Many of Gustav Mahler’s early works have been lost. One exception is the unfinished Piano Quartet, marked Nicht zu schnell (Not too fast), written around 1876. To some, the work may not immediately suggest Mahler, if only because he never again returned to the medium of instrumental chamber music. But the ominous atmosphere and the sweeping, almost symphonic gestures of the musical material are very much Mahlerian.
Colin Matthews was commissioned by the Royal Concertgebouw Orchestra to orchestrate the first movement of the Piano Quartet. Matthews says, ‘Mahler’s first primary subject at the conservatory was piano. That instrument predominates in the quartet and features a much more virtuoso style than that of the strings. In my orchestration, I had to thin out the overwrought texture of the original. I also put some of the melodic lines in different registers because the middle register was too prevalent in the piano quartet.’ Matthews also added tempo and dynamic indications, as these are scarce, and in some cases altogether missing, in Mahler’s manuscript. The resounding result is a full-blooded Mahlerian orchestral work with savagely seething climaxes.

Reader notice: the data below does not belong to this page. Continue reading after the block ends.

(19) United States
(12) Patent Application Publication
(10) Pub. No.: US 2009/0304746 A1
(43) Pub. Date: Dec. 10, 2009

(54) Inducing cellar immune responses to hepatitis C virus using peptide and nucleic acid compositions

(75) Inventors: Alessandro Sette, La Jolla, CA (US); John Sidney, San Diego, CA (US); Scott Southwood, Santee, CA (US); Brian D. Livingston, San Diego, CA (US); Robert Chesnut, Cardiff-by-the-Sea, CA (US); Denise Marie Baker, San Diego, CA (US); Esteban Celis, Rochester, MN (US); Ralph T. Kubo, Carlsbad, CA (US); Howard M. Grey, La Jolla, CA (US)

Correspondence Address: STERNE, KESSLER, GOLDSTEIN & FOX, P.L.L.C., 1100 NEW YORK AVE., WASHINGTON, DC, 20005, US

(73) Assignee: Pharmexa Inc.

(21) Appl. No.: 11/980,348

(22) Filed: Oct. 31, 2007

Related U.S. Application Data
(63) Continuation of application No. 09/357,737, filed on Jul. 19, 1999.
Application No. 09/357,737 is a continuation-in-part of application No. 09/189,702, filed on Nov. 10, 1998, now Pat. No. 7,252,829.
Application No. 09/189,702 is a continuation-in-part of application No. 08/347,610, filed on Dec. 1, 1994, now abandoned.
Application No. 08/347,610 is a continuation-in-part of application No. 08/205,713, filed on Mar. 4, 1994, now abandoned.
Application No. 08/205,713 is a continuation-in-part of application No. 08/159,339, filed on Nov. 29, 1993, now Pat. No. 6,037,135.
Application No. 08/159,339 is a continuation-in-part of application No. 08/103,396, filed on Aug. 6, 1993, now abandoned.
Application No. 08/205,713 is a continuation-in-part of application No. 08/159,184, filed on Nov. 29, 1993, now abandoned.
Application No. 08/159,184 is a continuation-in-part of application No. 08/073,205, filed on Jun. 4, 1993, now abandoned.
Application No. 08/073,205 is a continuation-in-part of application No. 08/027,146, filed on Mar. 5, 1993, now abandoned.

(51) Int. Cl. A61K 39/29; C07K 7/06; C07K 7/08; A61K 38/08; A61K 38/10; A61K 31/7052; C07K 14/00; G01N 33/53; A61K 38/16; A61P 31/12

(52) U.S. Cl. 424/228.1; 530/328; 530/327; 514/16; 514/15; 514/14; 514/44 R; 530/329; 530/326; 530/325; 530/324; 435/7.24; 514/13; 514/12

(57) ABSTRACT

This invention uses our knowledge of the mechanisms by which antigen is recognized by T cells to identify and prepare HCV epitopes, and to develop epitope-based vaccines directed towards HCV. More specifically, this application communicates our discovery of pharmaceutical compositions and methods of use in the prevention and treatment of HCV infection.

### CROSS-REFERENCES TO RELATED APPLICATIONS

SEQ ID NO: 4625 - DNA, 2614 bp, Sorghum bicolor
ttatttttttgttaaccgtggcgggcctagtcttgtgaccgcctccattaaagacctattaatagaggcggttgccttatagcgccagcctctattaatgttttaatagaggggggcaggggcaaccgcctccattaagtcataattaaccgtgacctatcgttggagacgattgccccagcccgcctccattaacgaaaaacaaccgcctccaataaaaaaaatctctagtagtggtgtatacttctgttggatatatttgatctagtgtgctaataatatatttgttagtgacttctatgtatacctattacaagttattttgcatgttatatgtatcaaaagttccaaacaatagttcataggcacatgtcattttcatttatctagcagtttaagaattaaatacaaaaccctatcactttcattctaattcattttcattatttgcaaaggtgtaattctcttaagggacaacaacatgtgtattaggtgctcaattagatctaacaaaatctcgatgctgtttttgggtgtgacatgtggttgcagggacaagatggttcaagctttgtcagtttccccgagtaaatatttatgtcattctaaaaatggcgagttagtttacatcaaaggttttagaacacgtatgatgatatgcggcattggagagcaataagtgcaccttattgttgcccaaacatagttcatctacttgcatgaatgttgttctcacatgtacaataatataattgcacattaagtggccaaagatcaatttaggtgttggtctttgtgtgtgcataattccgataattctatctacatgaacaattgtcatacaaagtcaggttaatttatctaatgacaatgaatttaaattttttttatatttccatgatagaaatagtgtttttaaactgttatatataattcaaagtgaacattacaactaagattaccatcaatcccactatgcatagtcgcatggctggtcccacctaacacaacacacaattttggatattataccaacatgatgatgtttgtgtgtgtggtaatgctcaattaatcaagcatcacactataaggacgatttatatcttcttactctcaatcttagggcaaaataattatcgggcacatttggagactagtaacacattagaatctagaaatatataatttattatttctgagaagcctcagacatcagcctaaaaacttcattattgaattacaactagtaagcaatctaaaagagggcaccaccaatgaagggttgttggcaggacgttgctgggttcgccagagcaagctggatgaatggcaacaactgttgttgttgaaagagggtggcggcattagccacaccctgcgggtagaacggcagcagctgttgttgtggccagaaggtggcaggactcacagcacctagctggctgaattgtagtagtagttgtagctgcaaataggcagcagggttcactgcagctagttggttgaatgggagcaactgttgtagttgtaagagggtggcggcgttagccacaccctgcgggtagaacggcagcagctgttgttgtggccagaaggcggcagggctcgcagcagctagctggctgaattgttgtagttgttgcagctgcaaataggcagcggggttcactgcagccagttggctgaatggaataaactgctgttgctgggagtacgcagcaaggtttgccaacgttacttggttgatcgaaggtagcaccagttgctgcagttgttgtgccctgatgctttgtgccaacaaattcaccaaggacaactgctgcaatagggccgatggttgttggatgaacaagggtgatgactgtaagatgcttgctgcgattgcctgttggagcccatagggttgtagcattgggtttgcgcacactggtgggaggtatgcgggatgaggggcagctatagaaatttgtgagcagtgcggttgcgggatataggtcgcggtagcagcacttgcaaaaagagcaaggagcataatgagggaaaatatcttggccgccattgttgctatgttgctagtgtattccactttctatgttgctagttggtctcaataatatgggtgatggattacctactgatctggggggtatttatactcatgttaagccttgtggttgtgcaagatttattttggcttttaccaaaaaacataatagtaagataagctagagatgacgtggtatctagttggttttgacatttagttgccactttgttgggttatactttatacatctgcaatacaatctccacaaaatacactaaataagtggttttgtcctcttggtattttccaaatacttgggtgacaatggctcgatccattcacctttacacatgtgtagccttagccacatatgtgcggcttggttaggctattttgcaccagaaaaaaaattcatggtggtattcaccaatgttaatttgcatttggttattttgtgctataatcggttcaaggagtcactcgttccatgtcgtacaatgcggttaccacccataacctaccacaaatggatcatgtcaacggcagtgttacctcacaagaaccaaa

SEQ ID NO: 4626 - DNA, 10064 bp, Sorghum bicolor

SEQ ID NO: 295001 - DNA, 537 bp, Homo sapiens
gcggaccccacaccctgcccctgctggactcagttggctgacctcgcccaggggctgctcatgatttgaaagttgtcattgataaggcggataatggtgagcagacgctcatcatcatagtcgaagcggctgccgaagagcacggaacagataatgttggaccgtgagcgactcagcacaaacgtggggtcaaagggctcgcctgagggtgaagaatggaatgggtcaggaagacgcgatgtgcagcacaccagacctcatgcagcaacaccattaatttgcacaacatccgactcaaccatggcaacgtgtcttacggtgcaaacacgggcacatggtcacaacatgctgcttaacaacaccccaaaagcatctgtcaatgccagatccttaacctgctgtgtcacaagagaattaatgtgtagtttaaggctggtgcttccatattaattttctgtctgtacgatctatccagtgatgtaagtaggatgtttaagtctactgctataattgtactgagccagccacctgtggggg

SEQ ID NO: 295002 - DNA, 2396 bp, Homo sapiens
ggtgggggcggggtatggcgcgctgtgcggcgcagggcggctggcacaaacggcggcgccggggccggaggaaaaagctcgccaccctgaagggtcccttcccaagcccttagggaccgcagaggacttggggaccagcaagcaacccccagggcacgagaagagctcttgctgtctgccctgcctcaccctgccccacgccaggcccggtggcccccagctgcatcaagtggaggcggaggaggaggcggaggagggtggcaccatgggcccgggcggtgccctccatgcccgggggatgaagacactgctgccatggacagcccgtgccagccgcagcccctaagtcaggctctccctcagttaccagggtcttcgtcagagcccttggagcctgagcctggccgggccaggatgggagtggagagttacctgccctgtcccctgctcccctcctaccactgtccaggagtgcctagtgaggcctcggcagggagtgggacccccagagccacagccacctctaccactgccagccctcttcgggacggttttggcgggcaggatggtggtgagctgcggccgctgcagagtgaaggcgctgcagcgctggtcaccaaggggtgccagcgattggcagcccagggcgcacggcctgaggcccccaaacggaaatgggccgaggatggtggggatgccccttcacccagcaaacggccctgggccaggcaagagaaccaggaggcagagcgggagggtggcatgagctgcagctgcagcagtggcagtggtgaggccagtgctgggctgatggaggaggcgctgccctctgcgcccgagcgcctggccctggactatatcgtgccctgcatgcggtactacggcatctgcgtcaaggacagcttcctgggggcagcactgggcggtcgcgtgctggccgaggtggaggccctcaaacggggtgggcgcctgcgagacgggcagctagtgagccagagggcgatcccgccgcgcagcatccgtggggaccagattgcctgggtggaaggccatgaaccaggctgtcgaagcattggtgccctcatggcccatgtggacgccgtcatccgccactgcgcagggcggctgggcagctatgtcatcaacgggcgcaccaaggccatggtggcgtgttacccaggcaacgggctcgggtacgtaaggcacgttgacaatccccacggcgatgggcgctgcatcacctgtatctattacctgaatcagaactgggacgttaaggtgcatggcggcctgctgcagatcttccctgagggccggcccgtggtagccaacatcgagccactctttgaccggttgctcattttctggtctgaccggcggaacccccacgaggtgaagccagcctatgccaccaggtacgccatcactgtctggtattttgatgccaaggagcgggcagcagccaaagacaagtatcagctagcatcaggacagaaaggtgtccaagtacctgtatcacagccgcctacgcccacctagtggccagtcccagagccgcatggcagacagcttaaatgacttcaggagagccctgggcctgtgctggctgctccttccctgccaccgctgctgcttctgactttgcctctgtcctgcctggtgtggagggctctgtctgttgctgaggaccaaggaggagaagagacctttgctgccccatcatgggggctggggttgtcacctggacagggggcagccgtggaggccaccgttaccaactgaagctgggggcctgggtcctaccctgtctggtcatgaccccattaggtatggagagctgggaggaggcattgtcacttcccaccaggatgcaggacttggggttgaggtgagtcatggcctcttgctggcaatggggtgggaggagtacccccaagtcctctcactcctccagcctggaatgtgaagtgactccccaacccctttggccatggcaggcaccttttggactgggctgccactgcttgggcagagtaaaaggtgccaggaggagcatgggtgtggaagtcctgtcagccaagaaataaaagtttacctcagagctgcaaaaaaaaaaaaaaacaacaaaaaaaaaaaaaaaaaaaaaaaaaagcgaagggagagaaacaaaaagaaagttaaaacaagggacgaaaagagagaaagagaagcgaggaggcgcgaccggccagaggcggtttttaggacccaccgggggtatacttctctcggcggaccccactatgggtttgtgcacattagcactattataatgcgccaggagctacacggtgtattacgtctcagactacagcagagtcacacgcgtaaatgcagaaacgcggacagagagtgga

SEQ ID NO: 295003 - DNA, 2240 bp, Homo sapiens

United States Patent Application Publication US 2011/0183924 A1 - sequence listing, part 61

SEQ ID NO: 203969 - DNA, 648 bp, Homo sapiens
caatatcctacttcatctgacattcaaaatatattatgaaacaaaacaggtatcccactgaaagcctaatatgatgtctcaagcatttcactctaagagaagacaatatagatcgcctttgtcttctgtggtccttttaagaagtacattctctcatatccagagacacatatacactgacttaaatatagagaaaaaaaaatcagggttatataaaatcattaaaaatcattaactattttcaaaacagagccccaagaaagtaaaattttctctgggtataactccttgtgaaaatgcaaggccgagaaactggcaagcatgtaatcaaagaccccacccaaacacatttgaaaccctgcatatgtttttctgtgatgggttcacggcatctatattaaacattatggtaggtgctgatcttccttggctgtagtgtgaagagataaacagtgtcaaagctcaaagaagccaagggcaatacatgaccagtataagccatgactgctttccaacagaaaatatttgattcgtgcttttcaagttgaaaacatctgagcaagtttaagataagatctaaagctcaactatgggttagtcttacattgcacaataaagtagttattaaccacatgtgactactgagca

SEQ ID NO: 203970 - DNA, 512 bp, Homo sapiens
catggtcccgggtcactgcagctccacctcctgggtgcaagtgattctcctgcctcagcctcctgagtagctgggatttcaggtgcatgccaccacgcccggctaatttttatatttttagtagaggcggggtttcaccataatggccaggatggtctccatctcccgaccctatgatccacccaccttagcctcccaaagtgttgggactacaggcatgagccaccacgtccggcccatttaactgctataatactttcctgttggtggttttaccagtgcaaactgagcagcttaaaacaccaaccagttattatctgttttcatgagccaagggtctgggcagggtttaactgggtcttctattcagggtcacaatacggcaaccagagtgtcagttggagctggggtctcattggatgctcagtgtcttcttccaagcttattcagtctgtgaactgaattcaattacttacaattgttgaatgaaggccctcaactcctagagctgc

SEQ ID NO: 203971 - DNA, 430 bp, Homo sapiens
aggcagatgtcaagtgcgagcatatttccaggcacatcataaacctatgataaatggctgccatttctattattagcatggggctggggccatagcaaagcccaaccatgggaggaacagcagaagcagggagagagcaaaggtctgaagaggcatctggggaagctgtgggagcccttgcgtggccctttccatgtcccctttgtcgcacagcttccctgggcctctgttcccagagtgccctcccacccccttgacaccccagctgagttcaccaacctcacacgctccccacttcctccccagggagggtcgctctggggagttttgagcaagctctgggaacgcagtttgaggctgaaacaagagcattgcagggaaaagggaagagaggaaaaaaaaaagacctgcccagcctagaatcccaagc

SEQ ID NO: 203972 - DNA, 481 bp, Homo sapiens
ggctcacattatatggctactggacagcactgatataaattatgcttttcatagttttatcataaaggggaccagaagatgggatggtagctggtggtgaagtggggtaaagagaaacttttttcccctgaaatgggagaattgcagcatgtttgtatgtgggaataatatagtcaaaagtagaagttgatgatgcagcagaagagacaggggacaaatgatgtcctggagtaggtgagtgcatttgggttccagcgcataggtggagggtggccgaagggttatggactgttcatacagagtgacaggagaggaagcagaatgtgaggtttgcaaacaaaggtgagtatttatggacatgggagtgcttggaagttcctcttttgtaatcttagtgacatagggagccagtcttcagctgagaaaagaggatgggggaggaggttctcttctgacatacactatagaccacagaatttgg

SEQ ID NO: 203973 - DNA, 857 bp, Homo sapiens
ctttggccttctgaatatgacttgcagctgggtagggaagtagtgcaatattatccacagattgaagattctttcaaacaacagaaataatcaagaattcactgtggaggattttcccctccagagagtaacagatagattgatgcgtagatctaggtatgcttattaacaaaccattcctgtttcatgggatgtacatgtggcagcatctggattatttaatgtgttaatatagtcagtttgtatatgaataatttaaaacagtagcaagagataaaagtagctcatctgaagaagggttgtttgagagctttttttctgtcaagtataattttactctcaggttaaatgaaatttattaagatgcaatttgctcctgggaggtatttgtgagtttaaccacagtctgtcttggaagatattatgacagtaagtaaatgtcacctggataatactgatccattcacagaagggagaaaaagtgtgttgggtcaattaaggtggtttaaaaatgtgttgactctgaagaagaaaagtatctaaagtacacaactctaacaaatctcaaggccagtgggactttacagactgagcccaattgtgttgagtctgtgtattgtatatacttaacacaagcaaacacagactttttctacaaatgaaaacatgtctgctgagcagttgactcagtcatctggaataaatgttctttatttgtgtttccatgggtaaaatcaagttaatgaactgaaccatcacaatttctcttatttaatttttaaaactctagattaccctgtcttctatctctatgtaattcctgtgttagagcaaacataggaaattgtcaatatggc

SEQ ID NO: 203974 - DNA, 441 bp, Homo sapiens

Nicht zu schnell was first performed by the Royal Concertgebouw Orchestra at the Concertgebouw in Amsterdam in November 2009.